Gamard’s Beltway Beat

Congress is in recess this week, but plenty has happened since we went on hiatus for the Gras. As folks down in Louisiana reveled in and recovered from Carnival Season, our delegates in D.C. whirled through Russian indictments, gun policy, budget deals and border security compromise. Several immigration bills are dying in the upper chamber, but the GOP making sure constituents don’t forget their recent accomplishments — our members from home are still stalwartly celebrating the tax overhaul effects through their radio and TV interviews, social media, press releases and floor speeches.

Our Louisiana lawmakers have also been hailing the return of the coastal restoration-funding GOMESA revenue, which was erased from President Donald Trump’s 2018 budget proposal and is back in the 2019 version. The latest proposal still makes cuts to the U.S. Army Corps of Engineers, which some fear will stifle coastal projects.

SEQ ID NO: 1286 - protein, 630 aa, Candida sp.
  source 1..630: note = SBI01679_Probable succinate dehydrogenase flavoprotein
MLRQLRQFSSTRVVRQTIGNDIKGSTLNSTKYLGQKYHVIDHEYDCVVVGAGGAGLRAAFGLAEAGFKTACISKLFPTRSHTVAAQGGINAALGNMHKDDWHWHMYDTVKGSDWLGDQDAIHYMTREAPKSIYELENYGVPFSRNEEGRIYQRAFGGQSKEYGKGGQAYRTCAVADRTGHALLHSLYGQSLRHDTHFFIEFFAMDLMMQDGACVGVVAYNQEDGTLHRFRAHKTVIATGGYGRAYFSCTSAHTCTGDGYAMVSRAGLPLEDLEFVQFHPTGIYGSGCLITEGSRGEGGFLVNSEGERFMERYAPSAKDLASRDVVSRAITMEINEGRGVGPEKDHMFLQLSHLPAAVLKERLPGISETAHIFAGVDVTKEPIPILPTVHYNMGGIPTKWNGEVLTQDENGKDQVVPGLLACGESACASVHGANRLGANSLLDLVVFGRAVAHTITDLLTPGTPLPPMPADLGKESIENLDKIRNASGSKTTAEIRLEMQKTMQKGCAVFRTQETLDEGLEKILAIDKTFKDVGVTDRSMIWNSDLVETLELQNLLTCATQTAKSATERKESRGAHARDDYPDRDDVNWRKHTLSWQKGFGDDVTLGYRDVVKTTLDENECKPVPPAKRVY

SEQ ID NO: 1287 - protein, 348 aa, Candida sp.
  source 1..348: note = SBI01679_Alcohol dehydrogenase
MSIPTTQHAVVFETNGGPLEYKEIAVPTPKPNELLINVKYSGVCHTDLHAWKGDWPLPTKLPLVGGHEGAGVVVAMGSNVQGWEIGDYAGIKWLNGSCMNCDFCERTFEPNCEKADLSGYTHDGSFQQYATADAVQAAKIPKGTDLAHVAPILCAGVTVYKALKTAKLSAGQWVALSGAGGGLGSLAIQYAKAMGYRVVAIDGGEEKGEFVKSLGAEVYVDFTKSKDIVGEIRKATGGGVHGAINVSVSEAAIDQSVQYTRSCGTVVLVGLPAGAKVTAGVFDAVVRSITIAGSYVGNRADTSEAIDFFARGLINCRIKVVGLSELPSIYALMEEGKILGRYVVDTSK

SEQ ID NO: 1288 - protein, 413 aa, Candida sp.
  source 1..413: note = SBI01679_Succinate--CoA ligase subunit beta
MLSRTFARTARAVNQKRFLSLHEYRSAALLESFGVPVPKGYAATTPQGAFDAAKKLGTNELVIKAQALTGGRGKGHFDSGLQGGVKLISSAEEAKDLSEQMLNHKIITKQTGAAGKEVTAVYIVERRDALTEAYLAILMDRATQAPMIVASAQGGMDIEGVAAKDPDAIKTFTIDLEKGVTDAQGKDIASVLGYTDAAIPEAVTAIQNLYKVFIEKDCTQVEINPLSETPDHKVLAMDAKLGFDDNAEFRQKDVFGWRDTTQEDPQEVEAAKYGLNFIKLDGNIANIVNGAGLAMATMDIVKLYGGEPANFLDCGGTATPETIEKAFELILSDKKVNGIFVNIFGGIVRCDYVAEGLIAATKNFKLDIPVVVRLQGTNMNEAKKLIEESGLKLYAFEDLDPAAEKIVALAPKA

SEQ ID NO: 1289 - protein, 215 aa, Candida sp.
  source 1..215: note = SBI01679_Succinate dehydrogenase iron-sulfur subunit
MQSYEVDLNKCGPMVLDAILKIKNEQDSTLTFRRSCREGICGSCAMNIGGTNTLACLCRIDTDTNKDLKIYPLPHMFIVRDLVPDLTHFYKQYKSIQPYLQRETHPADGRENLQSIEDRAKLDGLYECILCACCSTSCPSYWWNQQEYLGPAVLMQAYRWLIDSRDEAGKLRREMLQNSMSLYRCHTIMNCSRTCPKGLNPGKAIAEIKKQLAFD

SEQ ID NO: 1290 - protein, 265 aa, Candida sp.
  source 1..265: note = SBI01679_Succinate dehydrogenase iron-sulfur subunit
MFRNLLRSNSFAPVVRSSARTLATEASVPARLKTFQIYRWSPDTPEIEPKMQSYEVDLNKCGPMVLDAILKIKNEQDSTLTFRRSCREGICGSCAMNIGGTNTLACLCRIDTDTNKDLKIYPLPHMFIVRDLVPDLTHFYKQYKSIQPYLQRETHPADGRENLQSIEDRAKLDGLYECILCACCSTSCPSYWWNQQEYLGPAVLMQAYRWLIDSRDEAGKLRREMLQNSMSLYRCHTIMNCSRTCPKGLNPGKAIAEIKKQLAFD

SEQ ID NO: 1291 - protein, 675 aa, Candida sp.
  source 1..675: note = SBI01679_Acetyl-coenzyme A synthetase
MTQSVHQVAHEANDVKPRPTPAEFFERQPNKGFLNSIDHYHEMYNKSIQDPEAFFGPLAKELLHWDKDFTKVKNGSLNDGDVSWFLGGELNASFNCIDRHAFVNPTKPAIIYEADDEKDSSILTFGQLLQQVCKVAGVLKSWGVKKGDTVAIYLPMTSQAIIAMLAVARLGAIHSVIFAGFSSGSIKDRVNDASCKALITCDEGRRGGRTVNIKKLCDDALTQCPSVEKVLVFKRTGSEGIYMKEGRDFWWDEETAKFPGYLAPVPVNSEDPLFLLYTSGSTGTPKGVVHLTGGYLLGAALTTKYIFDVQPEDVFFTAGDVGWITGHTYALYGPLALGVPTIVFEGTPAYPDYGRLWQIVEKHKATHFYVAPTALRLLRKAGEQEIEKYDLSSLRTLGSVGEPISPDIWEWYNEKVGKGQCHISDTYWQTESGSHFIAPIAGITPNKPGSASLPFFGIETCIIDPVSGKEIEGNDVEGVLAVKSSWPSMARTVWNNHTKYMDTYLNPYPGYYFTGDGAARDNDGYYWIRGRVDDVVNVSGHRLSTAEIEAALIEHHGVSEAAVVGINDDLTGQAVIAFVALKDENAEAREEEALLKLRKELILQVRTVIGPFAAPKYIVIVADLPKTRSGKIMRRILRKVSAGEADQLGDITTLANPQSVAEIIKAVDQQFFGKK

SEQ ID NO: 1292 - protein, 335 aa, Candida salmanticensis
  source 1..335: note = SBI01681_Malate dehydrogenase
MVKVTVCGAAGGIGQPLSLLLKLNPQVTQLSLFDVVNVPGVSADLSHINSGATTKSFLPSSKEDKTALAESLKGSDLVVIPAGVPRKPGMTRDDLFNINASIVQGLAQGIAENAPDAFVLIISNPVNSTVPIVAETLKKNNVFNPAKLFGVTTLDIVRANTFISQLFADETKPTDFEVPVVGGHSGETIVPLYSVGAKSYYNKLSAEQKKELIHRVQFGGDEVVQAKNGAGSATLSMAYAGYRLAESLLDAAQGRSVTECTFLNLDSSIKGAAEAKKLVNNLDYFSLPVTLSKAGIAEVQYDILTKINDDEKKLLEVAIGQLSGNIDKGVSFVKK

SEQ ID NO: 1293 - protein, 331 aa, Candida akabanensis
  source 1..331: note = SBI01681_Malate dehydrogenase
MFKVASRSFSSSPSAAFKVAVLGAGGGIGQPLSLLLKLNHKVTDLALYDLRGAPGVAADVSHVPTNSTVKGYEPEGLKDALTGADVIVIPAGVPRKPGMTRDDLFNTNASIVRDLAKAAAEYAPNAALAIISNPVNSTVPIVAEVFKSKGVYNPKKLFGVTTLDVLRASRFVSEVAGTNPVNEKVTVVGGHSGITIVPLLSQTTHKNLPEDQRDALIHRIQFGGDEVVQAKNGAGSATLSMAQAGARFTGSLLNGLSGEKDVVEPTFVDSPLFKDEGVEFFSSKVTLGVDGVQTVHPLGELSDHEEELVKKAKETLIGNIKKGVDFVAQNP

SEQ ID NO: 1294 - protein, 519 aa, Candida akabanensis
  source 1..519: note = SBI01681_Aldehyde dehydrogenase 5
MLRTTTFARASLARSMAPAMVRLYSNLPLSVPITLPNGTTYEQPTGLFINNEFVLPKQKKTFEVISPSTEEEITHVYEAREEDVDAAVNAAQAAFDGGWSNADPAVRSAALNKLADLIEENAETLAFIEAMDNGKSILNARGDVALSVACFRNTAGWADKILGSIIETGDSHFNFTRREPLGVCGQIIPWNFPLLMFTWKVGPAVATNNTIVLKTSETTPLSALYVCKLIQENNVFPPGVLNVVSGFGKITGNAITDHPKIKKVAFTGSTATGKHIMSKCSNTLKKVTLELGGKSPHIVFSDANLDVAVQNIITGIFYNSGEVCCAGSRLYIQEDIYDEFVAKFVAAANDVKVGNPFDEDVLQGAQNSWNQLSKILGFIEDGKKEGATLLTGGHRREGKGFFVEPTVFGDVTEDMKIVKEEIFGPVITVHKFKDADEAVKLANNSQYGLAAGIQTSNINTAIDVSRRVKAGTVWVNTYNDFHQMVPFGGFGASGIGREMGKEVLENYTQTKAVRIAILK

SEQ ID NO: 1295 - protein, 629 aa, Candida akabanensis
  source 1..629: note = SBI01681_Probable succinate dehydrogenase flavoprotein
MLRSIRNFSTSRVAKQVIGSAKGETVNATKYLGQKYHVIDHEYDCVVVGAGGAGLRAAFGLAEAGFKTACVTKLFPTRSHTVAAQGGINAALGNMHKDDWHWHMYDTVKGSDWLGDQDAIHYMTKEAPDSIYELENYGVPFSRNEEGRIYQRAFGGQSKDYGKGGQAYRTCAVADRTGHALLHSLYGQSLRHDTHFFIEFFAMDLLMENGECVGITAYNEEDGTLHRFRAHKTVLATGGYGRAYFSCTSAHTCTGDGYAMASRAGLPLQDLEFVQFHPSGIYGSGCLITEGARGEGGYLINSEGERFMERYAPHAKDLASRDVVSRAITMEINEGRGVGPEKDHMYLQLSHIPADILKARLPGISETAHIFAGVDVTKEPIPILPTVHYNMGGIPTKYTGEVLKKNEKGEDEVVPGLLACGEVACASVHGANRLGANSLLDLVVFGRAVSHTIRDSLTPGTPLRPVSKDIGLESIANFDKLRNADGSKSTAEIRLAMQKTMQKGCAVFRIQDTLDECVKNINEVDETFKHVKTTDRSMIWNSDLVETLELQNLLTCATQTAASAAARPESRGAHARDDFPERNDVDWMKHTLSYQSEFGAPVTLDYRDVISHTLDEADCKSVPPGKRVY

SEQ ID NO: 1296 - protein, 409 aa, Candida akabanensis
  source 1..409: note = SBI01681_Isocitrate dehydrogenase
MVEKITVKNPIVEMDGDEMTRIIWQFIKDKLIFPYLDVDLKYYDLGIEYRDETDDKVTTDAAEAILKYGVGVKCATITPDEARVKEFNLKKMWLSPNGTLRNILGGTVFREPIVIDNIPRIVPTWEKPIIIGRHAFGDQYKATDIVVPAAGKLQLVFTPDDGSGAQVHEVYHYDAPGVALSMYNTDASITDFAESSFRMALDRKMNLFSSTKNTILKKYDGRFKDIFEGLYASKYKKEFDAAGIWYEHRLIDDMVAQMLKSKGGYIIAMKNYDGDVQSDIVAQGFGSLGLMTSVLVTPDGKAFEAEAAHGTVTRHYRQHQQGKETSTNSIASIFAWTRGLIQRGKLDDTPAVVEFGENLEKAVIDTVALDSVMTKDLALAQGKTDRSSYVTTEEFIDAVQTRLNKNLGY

Here’s some other congressional tidbits from up the coast:

— U.S. Sen. John Kennedy wrote to U.S. Senate Committee on the Judiciary Chairman Chuck Grassley about Gov. Edwards’ Louisiana Justice Reinvestment Act: “The Act is inappropriately named, in my opinion. It should be called the Louisiana Prisoner Release and Public Safety Be Damned Act.”

He keeps going: “(The governor) believes Louisiana has too many people in prison. I believe we have too many people committing crimes. He believes that many of our inmates are simply misunderstood. I believe that people must be responsible for their actions, including their crimes.” The whole letter is worth reading. In other news, the senator is still spreading the message to “stop paying dead people,” and spent some time last week praising new FEMA grants and wishing a happy 100th birthday to Bayou State-based World War II veteran Olan Wise.

— U.S. Sen. Bill Cassidy proposed to U.S. Treasury Secretary Steven Mnuchin his plan to combat cartel money laundering and using the intercepted cash to pay for the border wall. Here’s the amendment he introduced soon after, which would do just that. He’s also one of the senators urging the Social Security Administration to accept consent electronically, on top of asking the Drug Enforcement Administration for statistical information on synthetic opioids.